It's now time to introduce function machines and function notation. I wasn't feeling super inspired, so I ended up pulling out a foldable I designed a few years ago. Every time I use this, I think to myself that I need to edit it. But, every year, I just don't have the energy. I'm definitely at that point in the year where I just need a bit of a break from school!

We practice working with function machines by trying out a task from CPM's Core Connections Algebra course. I learned about this activity at a conference this summer and blogged about it here.

The next two pages are new this year.

Evaluating a Function From a Graph

And, Evaluating a Function From a Table.

For both, I made students write a sentence to describe what the function notation meant. I don't know why I never had students do this before!

We practiced evaluating functions from a table, graph, and equation by playing a competitive game of "Evaluating Functions War." I blogged about this game here.

Another activity we did in class was an open middle style problem I created to practice evaluating functions. I blogged about this problem here.

Up next is one of my favorite activities from the entire unit: Win Some Cash! I blogged about this task in depth here.

After graphing the "Win Some Cash!" functions, we did some more graphing functions practice. After graphing each function, students had to classify the function as linear, absolute value, quadratic, or exponential.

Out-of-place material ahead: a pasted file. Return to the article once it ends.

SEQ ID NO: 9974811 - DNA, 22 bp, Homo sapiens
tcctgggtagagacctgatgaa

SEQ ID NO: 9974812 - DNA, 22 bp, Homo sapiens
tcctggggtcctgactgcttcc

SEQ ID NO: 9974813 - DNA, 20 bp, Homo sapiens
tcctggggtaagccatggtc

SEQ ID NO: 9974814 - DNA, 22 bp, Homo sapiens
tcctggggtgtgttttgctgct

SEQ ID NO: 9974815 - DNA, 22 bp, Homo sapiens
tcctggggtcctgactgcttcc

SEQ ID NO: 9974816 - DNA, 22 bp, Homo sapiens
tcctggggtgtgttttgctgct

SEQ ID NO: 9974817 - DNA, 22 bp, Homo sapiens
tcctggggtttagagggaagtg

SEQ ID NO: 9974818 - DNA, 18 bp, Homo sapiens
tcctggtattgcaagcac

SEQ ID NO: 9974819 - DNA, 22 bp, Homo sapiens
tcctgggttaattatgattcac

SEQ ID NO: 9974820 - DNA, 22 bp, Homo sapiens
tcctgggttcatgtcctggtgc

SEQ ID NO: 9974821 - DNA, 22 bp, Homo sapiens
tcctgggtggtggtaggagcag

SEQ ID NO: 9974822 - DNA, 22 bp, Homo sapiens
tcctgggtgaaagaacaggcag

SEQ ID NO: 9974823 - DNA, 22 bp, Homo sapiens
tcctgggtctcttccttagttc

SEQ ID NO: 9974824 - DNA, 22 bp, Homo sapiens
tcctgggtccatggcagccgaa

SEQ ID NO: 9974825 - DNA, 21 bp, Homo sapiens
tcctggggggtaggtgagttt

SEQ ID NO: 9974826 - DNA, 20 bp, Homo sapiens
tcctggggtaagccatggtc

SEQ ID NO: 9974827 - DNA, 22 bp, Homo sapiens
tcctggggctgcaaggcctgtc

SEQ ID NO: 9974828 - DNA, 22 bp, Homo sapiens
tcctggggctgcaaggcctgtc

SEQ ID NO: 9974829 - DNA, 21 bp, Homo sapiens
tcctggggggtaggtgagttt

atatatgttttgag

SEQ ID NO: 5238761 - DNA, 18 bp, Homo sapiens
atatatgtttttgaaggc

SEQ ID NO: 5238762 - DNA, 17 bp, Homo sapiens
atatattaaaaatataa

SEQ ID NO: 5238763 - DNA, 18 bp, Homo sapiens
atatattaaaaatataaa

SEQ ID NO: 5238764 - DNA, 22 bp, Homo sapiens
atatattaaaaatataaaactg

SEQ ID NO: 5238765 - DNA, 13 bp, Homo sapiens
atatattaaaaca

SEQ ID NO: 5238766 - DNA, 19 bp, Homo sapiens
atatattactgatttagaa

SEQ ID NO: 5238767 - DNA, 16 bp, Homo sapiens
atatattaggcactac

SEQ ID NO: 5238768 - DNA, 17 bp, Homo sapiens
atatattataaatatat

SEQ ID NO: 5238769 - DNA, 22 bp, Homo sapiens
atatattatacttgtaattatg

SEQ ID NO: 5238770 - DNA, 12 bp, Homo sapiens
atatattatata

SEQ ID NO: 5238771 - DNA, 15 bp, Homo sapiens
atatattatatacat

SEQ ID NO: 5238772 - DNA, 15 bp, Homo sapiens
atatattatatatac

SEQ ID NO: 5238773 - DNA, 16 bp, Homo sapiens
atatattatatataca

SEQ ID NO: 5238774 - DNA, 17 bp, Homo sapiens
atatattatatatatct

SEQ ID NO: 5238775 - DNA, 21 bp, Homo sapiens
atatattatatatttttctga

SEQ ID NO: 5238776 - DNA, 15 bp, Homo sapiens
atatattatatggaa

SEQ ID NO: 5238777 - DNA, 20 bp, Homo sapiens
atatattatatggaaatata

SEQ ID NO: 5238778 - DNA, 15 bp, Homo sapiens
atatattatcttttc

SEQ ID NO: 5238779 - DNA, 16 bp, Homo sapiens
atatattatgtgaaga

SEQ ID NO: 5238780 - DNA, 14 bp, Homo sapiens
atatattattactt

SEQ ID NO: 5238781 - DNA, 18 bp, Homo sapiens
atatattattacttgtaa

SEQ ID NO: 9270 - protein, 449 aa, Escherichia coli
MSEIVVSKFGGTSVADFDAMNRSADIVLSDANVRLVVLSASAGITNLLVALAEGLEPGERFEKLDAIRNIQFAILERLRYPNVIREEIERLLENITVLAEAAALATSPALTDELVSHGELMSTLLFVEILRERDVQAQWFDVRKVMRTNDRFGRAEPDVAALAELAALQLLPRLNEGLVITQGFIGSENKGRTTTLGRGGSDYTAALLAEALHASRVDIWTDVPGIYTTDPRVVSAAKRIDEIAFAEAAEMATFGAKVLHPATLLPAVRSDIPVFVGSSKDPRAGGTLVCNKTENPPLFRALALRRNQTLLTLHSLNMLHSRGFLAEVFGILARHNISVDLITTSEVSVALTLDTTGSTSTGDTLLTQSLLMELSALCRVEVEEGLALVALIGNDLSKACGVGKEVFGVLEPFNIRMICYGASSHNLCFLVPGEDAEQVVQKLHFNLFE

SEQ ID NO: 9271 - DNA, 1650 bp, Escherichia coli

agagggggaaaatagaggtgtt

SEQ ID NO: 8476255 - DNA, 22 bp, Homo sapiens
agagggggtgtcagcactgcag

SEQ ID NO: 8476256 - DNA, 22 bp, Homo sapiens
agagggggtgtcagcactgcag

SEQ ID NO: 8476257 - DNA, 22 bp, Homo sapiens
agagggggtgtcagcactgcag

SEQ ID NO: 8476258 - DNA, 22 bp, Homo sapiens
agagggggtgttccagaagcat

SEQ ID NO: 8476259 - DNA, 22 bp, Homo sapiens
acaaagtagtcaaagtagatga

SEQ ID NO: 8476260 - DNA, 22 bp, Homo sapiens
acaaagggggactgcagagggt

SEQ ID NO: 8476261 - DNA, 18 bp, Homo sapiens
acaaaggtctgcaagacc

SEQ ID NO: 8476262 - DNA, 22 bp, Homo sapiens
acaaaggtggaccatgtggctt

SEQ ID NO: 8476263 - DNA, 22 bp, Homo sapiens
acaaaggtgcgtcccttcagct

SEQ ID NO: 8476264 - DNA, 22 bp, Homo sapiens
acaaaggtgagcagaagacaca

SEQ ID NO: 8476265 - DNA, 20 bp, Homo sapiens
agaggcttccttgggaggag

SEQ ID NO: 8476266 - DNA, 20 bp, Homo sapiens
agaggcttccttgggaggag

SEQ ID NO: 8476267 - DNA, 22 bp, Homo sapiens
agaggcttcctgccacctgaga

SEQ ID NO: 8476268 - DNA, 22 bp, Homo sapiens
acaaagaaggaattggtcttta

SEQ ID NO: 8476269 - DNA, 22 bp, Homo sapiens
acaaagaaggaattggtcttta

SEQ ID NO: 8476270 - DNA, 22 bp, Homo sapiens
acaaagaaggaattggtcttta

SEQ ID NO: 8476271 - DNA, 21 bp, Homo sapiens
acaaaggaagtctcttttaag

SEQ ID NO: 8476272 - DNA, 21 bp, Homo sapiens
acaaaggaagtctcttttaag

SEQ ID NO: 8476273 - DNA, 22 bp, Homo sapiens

We kicked off our linear vs. non-linear skill by making a frayer model for "linear."

We also did a linear/non-linear card sort.

To practice our linear vs. non-linear skills, we had a "Linear Auction." It was a rousing success! Students had been begging for another auction ever since our "Function Auction."

You can learn more about the Linear Auction here and the Function Auction here.

When I was typing my divider for this unit, I accidentally left out one of the skills. The skill was "I can create a story given a graph and create a graph given a story." I ended up adding this on to the end of the unit as RF8.

The problems in this foldable were all found online in various resources. I didn't keep track of what came from where, so this makes me a very bad blogger. Sorry!

We ended the unit by writing descriptions for these popcorn graphs. Because I teach teenagers, I had to stop one of my students from describing George's Dad's graph as "Netflix and chill."

I have uploaded the files for these lessons here.

Sarah,

ReplyDeleteWow! You packed alot into this unit! I have been reading your ideas carefully, deciding which ones can be adapted to my classes in Vietnam. There are so many ideas! I have only just started this unit, so posting these was perfect timing for me! :-) I can't wait to download and try your activities! Thanks for sharing all your wonderful ideas! Love them!

Susan

American International School Vietnam

Sarah,

ReplyDeleteYou have the best ideas, very creative. I have a few questions for you. How many days do you spend on this unit? Do you give homework or practice problems outside of school? When you assess their learning, do you give one test or a few quizzes or a combination? Thanks for sharing all your great ideas.

Deena Lantz

Algebra Teacher

Rockford, Il